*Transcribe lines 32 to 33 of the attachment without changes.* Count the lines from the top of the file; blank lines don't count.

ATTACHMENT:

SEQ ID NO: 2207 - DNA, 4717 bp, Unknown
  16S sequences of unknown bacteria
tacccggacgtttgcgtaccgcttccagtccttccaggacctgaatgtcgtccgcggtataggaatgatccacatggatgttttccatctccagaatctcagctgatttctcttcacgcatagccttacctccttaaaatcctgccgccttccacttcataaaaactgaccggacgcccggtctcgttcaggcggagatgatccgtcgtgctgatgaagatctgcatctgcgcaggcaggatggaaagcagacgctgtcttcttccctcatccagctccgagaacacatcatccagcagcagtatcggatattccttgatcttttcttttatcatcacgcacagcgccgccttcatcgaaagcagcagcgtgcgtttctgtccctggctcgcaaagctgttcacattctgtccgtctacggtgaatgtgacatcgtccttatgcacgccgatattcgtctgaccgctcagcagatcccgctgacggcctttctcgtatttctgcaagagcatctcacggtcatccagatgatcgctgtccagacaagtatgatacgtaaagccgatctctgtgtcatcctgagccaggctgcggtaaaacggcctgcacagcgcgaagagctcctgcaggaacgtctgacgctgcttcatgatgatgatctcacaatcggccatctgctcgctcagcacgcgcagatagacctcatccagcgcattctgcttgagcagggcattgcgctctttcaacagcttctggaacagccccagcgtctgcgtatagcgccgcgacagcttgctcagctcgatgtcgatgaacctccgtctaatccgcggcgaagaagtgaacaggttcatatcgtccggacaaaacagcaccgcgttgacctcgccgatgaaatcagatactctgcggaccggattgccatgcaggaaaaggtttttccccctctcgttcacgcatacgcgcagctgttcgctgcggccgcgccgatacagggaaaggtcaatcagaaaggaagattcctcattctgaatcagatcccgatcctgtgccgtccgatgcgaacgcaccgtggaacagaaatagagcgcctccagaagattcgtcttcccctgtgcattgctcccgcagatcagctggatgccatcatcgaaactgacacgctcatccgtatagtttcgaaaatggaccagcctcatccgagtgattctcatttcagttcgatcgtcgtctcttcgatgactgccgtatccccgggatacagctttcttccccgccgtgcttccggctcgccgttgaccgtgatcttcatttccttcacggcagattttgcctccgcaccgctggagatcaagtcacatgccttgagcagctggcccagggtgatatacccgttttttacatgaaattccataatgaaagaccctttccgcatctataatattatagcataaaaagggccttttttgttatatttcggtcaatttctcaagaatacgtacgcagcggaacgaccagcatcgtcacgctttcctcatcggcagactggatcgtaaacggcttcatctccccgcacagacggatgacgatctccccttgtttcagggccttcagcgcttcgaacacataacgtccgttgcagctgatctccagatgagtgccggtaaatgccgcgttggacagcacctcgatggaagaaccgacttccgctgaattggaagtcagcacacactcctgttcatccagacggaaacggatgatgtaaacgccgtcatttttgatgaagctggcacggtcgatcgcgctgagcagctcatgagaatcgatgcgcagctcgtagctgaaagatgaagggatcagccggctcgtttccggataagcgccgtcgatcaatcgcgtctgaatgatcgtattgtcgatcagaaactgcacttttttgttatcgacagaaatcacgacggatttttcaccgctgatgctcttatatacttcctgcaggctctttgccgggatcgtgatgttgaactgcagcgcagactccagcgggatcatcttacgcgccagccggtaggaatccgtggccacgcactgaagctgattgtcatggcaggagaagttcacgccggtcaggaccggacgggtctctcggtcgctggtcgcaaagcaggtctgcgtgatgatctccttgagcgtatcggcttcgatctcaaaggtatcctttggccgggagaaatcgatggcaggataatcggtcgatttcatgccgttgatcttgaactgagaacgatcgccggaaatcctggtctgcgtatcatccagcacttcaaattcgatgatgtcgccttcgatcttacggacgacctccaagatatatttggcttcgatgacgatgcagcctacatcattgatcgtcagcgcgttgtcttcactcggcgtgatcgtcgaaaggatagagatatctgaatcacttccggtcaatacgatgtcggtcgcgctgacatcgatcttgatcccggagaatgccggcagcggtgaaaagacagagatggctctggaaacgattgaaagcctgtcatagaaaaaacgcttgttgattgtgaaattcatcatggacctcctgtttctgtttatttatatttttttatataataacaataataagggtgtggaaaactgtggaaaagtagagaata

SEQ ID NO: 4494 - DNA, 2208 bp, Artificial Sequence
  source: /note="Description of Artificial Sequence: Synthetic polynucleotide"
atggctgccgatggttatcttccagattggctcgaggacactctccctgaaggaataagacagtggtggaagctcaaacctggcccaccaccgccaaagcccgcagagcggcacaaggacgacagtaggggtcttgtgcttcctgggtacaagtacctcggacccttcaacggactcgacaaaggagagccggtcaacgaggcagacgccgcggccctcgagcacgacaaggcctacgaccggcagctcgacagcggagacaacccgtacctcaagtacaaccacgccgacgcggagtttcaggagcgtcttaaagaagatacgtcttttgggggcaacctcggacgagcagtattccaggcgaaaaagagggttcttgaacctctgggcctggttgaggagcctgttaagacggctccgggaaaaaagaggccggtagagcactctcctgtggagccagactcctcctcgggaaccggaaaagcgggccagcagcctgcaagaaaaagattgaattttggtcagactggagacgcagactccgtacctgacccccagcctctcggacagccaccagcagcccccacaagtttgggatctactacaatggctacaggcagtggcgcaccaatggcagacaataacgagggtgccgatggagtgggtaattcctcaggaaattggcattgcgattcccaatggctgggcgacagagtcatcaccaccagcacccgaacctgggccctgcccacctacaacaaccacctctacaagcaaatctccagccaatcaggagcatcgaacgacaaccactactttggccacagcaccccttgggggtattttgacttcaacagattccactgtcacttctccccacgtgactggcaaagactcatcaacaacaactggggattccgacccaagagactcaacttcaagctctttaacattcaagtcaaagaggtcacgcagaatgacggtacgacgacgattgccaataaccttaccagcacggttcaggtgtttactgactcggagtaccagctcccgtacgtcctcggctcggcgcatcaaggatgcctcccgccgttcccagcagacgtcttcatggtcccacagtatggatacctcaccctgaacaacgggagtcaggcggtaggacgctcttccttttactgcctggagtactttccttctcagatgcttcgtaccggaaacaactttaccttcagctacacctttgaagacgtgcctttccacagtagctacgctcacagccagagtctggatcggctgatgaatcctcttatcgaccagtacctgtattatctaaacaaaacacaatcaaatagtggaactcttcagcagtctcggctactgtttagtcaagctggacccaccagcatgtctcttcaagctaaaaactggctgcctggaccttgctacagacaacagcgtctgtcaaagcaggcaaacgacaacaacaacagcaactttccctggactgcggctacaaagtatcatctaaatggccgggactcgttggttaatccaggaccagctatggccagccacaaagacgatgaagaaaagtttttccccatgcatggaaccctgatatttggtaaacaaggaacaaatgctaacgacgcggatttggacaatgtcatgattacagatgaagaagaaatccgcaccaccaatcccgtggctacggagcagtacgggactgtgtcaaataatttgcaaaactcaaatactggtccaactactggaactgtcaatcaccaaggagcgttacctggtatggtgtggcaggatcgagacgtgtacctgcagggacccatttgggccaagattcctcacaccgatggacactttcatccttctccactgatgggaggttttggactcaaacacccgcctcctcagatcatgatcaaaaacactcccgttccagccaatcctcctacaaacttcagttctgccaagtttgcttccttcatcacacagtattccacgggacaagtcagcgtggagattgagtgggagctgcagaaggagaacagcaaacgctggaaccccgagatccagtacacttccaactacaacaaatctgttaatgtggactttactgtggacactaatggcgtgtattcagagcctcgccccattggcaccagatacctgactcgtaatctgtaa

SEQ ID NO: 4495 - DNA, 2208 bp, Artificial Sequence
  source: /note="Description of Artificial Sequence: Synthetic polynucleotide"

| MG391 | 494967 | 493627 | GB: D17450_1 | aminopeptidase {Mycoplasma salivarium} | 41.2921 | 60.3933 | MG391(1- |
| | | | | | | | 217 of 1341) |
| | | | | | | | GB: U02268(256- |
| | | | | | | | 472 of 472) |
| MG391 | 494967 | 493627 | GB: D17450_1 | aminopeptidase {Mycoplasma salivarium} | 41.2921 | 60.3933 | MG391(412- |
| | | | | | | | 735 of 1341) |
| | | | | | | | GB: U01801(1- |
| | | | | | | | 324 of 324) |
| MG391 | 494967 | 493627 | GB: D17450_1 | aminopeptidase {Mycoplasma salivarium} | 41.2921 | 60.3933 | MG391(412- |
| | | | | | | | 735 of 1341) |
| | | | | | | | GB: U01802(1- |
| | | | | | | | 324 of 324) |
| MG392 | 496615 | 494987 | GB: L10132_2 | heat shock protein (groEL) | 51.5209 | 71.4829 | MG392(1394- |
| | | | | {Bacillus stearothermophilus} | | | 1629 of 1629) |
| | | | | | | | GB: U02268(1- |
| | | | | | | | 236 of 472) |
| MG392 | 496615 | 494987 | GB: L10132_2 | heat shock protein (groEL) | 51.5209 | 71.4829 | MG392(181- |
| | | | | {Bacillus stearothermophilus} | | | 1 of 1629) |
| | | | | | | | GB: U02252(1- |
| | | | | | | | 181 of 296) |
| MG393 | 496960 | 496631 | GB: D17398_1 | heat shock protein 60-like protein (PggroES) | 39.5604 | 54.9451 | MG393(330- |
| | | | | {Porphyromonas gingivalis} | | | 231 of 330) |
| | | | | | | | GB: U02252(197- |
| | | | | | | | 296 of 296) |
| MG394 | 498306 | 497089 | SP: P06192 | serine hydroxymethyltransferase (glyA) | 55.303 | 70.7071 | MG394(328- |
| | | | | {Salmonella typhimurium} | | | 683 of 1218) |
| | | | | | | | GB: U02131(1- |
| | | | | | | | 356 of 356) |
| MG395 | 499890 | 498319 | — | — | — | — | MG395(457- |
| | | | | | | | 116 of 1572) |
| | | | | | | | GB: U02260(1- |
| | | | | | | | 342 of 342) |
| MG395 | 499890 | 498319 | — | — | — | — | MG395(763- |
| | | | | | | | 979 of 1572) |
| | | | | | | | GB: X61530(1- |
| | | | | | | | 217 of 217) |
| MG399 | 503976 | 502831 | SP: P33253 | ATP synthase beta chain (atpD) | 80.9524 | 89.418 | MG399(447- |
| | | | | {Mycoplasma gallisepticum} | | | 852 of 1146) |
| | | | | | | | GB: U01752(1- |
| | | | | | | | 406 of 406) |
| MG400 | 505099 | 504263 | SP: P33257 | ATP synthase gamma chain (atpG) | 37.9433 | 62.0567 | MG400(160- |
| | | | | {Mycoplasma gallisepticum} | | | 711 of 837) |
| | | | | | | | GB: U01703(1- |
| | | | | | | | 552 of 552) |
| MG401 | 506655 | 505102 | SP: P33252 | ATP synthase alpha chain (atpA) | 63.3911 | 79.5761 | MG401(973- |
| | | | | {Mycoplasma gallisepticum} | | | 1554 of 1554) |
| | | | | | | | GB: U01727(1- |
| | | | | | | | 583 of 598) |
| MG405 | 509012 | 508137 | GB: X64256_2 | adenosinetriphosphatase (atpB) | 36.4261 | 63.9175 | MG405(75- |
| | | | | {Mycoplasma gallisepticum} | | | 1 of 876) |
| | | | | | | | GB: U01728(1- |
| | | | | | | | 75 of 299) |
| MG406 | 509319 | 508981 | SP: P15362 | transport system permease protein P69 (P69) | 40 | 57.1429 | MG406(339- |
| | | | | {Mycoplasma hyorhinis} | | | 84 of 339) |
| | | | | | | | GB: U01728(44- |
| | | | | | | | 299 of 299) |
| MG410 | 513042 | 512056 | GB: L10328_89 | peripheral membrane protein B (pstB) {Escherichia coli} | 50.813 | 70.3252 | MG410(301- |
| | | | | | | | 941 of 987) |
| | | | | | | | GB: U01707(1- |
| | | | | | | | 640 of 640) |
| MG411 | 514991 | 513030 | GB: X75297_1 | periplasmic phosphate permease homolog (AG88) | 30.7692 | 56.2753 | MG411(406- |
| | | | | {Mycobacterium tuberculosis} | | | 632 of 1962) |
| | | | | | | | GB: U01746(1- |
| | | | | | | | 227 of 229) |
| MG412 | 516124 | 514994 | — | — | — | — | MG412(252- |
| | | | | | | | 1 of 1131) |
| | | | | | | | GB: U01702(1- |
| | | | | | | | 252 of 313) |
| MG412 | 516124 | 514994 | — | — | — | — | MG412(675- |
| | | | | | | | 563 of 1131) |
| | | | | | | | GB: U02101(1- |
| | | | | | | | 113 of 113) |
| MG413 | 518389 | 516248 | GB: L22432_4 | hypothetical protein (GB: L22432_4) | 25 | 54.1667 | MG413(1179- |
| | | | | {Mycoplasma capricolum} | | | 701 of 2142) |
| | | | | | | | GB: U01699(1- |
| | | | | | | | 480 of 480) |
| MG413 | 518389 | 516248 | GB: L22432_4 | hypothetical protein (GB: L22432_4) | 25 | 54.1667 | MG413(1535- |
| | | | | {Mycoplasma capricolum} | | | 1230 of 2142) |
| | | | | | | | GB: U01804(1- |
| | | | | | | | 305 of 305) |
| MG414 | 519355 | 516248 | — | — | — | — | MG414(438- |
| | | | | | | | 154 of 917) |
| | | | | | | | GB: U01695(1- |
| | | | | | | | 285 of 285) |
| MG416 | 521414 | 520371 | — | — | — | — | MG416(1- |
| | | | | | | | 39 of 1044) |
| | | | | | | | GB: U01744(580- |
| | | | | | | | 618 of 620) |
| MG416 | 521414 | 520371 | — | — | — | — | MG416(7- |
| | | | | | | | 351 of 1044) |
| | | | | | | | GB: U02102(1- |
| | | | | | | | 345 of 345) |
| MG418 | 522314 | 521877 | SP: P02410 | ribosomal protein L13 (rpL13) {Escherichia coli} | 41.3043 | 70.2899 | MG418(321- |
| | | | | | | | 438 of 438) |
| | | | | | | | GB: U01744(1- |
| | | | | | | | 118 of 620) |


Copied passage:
| | | | | | | | 296 of 296) |
| MG394 | 498306 | 497089 | SP: P06192 | serine hydroxymethyltransferase (glyA) | 55.303 | 70.7071 | MG394(328- |